Friday, September 28, 2012

Dipping our Toes into Notebooking

It's no secret.  I despise textbooks.  I don't even like Story of the World much.  Shocking, I know.  I would much rather read subject-specific picture and reference books.  Yes, it's more work to hunt them down and many times the library doesn't have just what we need, but, for me, it's worth it.  

I also would rather participate in meaningful writing, rather than work through exercises that ask my children to write about some arbitrary topic.  For us, that means writing about the subjects we're studying.  (Also lots of freewriting, but that's a different topic for a different post.)  In the past, we've done copywork, and that worked out pretty well.  As my oldest gets . . . well . . . older, however, we need something to grow up with her.  

Enter notebooking.


Since I wasn't quite sure how this would all work out (except for nature study pages & nature journaling, which we already experiment with), I downloaded Jimmie's Notebooking Success ebook for help getting started.  I love her approach.  She emphasizes that the process of notebooking and the associated organizational skills students develop (selecting pages, organizing them in binders, etc.) are just as important as the finished pages.  Speaking my language, perfectly.


How We Use Notebooking
We mostly use the pages for history right now, because we're focusing our studies on Early American history this fall.  I emphasized in the beginning that this is her (my 9 yr old's) collection, and that this is something she can use as a reference for years to come.  It takes a little prodding and reminders to take her time (such a choleric temperament) and do this neatly, but she seems to enjoy it.  At least she doesn't complain about it.  Which is a BIG deal.  Huge.

Our process is pretty simple.  We read books from the library, one unit of time at a time.  For example, we recently read about Thomas Jefferson, the Louisiana Purchase, and the Lewis & Clark Expedition.  As she reads sections of books, I ask her questions and ask her to summarize things.  The verbal processing with me really helps her and serves as her prewriting phase.  She then creates a brief summary and illustration on a page.  I always allow her to draw or write about a learned fact that she found interesting, even if it is somewhat silly (like who kept strange animals in the white house) and not the most important thing to remember.  She still gets the facts, but I think it is more important to keep history as an interesting, living story for her than to emphasize the memorization of stale facts.  Because how well did that work for so many of us?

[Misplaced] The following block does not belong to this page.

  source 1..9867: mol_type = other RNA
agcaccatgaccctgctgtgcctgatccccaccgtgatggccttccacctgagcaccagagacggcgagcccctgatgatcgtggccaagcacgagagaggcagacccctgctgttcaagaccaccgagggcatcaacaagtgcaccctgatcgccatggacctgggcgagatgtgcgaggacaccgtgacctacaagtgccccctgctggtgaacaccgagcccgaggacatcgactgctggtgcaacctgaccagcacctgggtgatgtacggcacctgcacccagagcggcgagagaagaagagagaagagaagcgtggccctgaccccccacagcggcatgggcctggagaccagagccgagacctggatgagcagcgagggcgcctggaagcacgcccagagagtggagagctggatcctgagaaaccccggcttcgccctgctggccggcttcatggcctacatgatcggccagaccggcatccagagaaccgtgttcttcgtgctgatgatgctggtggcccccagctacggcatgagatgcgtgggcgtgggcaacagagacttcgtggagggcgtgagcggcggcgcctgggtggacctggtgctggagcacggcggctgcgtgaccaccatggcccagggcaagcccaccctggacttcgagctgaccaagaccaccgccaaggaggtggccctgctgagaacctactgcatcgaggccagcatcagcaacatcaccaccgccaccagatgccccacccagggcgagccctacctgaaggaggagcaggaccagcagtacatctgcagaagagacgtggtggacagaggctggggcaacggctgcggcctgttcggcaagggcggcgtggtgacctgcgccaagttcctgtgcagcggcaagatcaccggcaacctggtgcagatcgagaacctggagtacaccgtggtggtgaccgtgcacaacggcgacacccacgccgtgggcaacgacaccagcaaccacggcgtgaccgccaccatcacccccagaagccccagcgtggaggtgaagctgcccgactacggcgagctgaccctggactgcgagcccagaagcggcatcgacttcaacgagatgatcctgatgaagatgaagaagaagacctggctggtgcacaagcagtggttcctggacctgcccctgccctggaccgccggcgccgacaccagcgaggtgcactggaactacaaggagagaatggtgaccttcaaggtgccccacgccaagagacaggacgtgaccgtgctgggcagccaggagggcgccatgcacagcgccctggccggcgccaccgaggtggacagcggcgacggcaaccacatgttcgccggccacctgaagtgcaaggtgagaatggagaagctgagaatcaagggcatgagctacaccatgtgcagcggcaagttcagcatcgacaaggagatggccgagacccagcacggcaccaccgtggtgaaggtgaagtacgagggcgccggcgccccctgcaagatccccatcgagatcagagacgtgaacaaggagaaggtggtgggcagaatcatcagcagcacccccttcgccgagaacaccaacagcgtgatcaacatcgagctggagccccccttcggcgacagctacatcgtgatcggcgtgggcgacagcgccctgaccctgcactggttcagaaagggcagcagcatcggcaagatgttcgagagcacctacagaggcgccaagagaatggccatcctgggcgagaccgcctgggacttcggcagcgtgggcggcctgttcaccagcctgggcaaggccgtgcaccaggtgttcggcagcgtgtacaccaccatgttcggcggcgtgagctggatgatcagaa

Then there's the editing.  Once again, it's time for me to disappoint.  Despite being a former English teacher, I really don't place a ton of emphasis on this.  At least, not at this stage.  We're testing out notebooking.  She's writing.  She's interested in history.  I'm not killing her interest by making her edit every single word.  Like I said, not now.   Once in a while, we look over a page together, and I might just mumble "capitals" or something else, if I see she's refusing, once again, to capitalize the first word of sentences or names or something like that.  Because that's annoying and difficult to read and rude to people who have earned capitalized names.  It bugs me when she does it consistently, and we will correct a page if I see that we need to break a bad habit.  But, honestly, a missed capital or comma or the occasional misspelled word is not necessarily cause to rewrite every page.  It's fine.  And she's going to look back at these pages next year or five years from now and catch her own mistakes anyway.  Which is the whole point, right?  We edit for publishing.  End of story.